tension  on Phase  I compliance
deadlines. Still other sources may
decide to reduce electricity genera-
tion and compensate for  reduced
output in one of several ways, in-
cluding the adoption of conserva-
tion or efficiency measures. Some
of the options will afford the unit
special  treatment, such as a
compliance extension  or extra
allowances.  Others, like fuel
switching, require ho special prior
  In either case, the Acid Rain
Program allows affected utilities
to combine these and other op-
tions in any way they see fit in
order to tailor their compliance
plan to the unique needs of each
unit or system.

Continuous Emission
    The Acid Rain Program man-
    dates   that  each unit  be
equipped with a continuous
emission monitoring (CEM) sys-
tem that measures and records
emissions hourly. The CEM sys-
tem will be required to  monitor
emissions of SO2 and NOX, as well
as  measure volumetric flow,
opacity, and diluent gas. The CEM
system is critical to the Acid Rain
Program. It will instill confidence
in allowance transactions by cer-
tifying the existence and quantity
of  the commodity being traded.
Monitoring will also ensure,
through accurate accounting, that
the emissions reduction goals are
met. Unlike traditional regulatory
programs, which measure specific
emissions rates, the Acid Rain
Program  will focus attention on
total emissions.
  The proposed rule also contains
provisions for  initial equipment
certification procedures, periodic
quality assurance and quality con-
trol procedures, and recordkeep-
ing and  reporting. Units  will
electronically  report emissions
data to EPA on a quarterly basis.
The proposed rule also contains
procedures for  filling in for miss-
ing data periods.
TH PA established the Acid Rain
JLi Advisory Committee (ARAC)
to gain broad input into the
development of the Acid Rain
Program, to promote collabora-
tion,  and to build consensus.
ARAC  consisted of   repre-
sentatives    from    various
stakeholder groups, including
utilities, emissions control equip-
ment  vendors, academia, Public
Utility Commissions, state pollu-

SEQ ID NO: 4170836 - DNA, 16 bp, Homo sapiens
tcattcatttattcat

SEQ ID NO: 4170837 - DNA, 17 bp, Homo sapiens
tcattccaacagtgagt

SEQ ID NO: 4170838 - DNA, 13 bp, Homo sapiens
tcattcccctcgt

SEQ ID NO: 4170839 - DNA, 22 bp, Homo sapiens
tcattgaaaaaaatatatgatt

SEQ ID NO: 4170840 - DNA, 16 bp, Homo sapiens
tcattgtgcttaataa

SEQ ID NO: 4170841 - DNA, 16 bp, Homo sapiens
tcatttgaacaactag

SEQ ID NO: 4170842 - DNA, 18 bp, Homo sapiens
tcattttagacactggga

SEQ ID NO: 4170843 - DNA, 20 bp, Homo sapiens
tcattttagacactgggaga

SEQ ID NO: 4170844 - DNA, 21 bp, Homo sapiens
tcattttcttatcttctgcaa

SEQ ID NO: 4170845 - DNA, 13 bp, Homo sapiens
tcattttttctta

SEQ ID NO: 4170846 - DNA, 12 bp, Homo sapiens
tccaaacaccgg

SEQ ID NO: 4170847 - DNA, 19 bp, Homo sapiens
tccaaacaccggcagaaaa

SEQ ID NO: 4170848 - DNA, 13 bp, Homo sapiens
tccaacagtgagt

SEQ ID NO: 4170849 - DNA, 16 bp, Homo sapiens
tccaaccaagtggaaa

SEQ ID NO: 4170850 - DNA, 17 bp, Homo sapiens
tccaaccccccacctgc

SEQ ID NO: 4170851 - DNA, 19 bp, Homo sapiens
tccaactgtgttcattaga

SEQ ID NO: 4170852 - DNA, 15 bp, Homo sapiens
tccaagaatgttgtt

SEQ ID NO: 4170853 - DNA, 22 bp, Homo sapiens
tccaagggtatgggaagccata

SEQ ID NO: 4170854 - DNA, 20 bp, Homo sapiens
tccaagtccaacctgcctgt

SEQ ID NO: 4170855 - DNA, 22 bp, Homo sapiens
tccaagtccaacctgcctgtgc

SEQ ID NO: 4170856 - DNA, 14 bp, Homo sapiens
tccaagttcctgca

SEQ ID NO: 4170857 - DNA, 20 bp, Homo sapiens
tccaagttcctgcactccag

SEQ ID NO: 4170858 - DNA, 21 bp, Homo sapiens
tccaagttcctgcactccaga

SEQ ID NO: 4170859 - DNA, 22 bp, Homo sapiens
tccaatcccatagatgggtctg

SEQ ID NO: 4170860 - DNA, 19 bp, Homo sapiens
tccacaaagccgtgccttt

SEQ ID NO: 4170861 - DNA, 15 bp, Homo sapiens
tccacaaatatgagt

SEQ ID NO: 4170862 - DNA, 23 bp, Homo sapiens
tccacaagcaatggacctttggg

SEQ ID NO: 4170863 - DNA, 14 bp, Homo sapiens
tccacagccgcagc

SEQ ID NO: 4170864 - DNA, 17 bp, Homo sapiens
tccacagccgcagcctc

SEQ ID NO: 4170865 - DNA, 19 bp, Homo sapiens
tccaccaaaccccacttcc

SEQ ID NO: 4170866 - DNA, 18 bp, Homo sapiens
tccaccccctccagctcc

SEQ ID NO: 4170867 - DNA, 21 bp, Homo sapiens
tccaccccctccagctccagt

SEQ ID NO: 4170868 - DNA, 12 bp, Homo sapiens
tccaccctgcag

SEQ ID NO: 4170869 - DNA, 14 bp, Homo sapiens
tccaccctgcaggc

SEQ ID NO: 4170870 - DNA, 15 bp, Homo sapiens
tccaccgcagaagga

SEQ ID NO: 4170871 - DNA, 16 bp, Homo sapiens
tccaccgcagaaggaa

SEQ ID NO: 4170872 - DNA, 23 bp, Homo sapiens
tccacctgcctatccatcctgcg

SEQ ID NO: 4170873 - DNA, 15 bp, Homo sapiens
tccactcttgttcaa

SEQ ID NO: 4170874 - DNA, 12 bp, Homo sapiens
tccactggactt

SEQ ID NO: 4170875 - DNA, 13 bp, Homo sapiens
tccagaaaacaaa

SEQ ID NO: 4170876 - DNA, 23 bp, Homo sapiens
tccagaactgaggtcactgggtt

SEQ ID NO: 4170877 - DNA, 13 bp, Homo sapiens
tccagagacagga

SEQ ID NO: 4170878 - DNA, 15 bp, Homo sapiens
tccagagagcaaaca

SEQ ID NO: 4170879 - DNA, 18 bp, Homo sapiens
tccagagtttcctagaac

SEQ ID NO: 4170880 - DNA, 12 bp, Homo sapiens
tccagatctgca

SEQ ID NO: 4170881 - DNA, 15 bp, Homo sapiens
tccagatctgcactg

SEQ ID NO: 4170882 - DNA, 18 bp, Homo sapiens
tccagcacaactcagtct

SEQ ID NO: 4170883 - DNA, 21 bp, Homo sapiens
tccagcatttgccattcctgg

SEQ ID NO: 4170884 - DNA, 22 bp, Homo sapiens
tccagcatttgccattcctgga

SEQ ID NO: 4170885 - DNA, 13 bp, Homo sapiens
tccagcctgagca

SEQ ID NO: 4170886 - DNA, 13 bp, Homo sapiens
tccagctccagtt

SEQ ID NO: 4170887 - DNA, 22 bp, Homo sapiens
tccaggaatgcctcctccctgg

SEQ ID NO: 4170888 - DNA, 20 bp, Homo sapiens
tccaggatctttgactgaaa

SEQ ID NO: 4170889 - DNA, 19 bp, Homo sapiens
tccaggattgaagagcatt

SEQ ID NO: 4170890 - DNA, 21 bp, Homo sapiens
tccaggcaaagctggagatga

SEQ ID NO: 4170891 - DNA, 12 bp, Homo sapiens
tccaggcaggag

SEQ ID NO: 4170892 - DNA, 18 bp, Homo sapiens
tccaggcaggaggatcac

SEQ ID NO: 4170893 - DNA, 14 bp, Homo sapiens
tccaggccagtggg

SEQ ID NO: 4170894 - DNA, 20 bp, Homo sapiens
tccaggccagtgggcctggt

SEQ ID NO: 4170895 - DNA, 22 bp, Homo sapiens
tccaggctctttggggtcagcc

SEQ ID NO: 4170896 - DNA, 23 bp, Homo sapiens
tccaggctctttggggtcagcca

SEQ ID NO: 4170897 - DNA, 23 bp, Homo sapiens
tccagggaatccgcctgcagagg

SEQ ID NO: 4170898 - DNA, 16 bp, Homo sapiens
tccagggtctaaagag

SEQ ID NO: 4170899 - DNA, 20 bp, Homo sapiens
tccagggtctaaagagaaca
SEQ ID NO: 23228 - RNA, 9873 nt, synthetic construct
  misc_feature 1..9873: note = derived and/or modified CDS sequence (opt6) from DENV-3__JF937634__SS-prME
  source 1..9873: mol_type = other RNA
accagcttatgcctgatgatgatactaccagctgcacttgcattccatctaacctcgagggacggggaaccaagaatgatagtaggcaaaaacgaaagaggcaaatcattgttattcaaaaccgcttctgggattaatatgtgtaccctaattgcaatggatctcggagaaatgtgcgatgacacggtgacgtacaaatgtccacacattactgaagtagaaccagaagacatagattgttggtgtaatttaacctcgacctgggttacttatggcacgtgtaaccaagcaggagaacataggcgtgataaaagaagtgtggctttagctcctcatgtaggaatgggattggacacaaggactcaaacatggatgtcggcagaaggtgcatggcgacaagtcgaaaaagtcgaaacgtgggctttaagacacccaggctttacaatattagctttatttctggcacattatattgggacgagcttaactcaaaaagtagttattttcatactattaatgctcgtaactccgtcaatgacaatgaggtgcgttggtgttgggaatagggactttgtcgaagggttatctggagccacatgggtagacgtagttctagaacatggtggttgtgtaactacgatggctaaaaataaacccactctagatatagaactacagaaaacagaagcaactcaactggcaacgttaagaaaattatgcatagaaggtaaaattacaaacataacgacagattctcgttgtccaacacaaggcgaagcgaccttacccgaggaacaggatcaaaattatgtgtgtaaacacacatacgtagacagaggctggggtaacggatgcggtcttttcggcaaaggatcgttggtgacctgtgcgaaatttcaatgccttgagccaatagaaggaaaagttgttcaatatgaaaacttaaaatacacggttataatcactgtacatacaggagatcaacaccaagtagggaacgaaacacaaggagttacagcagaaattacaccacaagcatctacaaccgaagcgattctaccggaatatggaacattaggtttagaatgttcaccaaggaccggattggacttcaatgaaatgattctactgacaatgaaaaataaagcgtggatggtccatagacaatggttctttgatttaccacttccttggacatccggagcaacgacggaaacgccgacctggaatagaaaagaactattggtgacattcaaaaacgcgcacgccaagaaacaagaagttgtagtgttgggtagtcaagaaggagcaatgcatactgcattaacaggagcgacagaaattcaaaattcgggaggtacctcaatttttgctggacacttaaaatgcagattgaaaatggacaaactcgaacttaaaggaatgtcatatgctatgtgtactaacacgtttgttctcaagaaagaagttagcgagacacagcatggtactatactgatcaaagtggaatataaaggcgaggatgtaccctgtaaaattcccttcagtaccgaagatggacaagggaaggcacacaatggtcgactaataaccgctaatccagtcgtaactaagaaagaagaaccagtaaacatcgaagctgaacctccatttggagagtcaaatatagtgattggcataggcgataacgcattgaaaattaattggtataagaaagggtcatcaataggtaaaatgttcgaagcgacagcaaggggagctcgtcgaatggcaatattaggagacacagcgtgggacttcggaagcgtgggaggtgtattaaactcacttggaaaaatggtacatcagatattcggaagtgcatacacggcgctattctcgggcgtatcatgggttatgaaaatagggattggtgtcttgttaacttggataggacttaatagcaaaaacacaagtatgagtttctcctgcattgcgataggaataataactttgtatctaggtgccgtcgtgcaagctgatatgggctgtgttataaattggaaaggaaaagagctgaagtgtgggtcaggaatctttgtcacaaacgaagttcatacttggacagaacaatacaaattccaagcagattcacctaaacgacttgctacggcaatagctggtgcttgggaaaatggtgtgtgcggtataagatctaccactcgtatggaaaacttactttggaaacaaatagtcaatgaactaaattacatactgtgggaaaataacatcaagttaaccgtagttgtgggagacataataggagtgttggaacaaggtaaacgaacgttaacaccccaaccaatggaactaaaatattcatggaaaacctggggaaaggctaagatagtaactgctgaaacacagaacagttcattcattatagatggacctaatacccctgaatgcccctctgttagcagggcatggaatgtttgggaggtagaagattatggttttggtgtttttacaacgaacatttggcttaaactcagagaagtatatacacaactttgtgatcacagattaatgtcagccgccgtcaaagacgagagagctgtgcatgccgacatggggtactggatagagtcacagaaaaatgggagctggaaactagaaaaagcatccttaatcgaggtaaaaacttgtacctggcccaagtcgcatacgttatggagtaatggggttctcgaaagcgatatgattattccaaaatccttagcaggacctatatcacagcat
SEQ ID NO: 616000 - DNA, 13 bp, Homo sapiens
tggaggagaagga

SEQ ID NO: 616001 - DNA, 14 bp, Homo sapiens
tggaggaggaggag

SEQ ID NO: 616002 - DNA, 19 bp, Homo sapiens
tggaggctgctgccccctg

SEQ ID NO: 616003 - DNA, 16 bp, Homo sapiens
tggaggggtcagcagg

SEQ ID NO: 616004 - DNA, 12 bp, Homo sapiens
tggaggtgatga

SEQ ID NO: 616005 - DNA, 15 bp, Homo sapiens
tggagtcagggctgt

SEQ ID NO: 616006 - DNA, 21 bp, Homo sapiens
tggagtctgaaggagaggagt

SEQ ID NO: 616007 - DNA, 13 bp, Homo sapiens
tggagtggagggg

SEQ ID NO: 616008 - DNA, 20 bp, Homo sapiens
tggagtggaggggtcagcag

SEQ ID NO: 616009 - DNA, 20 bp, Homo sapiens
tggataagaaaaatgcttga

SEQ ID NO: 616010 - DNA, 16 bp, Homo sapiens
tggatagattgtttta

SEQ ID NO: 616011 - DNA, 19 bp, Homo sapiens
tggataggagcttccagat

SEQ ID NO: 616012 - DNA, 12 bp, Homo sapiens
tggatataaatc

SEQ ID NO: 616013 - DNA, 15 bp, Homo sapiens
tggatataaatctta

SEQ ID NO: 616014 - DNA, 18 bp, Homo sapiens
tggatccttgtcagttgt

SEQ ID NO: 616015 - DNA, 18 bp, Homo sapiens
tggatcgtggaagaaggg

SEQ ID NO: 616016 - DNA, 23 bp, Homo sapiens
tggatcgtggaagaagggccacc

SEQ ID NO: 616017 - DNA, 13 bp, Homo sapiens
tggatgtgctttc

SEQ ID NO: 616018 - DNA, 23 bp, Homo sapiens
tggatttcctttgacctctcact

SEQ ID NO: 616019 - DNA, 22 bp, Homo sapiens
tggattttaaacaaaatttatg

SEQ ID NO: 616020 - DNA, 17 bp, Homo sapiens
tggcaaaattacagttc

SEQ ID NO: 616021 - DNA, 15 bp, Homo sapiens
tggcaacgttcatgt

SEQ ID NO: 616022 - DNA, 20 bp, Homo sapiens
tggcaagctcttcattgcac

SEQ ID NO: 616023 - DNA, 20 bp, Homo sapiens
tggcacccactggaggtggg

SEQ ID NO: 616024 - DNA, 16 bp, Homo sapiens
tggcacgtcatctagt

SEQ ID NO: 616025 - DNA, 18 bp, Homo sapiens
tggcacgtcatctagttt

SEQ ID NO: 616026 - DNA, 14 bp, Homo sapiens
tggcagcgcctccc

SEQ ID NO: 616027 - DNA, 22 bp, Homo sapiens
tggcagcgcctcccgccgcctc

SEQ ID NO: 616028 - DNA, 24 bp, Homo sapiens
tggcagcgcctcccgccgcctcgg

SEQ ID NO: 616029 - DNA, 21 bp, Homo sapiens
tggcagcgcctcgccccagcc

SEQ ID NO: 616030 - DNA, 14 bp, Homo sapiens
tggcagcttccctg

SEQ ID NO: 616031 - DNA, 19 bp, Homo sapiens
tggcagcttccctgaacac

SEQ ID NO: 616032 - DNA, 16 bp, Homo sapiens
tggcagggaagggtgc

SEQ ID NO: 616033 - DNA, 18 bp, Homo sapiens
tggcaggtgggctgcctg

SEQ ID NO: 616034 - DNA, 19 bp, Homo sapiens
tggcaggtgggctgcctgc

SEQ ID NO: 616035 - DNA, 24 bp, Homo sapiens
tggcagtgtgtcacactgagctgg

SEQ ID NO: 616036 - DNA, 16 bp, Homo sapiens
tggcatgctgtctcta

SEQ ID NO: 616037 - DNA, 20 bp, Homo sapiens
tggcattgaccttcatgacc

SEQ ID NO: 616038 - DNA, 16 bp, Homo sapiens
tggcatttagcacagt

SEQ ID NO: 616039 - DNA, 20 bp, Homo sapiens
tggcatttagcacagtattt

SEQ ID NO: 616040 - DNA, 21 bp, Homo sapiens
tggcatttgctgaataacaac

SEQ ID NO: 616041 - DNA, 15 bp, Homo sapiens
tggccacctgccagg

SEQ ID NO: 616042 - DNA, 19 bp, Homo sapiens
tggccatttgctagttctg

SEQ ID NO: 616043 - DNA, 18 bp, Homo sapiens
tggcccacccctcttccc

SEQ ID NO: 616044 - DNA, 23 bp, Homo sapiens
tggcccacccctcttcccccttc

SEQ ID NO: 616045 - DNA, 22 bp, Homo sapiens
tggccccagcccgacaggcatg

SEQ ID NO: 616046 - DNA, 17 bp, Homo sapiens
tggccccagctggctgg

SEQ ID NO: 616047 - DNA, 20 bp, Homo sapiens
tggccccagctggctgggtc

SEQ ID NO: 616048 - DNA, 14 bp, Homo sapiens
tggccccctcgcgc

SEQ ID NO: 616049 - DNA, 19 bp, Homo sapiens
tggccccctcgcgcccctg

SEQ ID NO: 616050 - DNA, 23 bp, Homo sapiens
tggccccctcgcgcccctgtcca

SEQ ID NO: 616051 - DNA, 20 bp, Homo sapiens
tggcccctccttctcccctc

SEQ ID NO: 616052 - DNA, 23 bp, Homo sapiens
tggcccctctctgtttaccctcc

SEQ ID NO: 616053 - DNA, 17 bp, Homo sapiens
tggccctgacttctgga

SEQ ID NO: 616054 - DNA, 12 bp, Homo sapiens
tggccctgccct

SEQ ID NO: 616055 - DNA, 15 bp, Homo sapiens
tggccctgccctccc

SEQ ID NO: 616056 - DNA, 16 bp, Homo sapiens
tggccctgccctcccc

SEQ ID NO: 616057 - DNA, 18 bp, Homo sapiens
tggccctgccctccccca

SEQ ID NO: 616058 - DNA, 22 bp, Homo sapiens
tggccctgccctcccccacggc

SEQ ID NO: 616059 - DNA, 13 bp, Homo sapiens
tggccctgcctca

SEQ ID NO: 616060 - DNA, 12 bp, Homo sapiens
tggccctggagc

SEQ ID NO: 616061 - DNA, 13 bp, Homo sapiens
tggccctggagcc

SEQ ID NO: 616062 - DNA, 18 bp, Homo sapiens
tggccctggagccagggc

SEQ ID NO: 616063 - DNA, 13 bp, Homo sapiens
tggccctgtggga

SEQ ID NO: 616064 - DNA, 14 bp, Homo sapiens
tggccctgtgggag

tion control agencies, and en-
vironmental groups. Prior to the
proposal of these  rules,  ARAC
convened six public meetings
with  hundreds of participants.
The input received through this
process was critical  to the
development of the core rules of
the Acid Rain Program.
   EPA will maintain this open door
policy  as  it  implements the
program, and will continue  to
solicit input from the different par-
ties involved. In addition, EPA will
evaluate the benefits and effects of
the program through economic and
environmental studies.
   The Acid Rain Program is al-
ready being viewed around the
world as the prototype for tack-
ling emerging environmental is-
sues. The allowance trading sys-
tem capitalizes on the power of the
marketplace  to  reduce  SOz
emissions in the most cost-effec-
tive manner possible. The permit-
ting program allows sources the
flexibility to tailor and update
their compliance strategy based
on their individual circum-
  The   continuous   emission
monitoring system provides the ac-
curate  accounting of emissions
necessary to make the program
work, and the  excess emissions
penalties provide strong incentives
for self-enforcement. Each of these
separate components  contributes
to the effective working of an in-
tegrated program that lets market
incentives do the work to achieve
cost-effective  emissions reduc-

For More Information
T7or more information, write to:

  U.S. EPA Office of Air and
  Acid Rain Division
  Washington, DC 20460

  'If you would like to receive other
fact sheets in this series, call the
Acid Rain Hotline at (617) 641-5377
or the EPA Public Information
Center (PIC) at 202-260-2080.

  Fact sheets are available on the
following subjects:

   Allowance System

  o Continuous Emission

  o Environmental Benefits

  o Excess Emissions

  o Permits

  o Auctions and Sales, and IPP
    Written Guarantee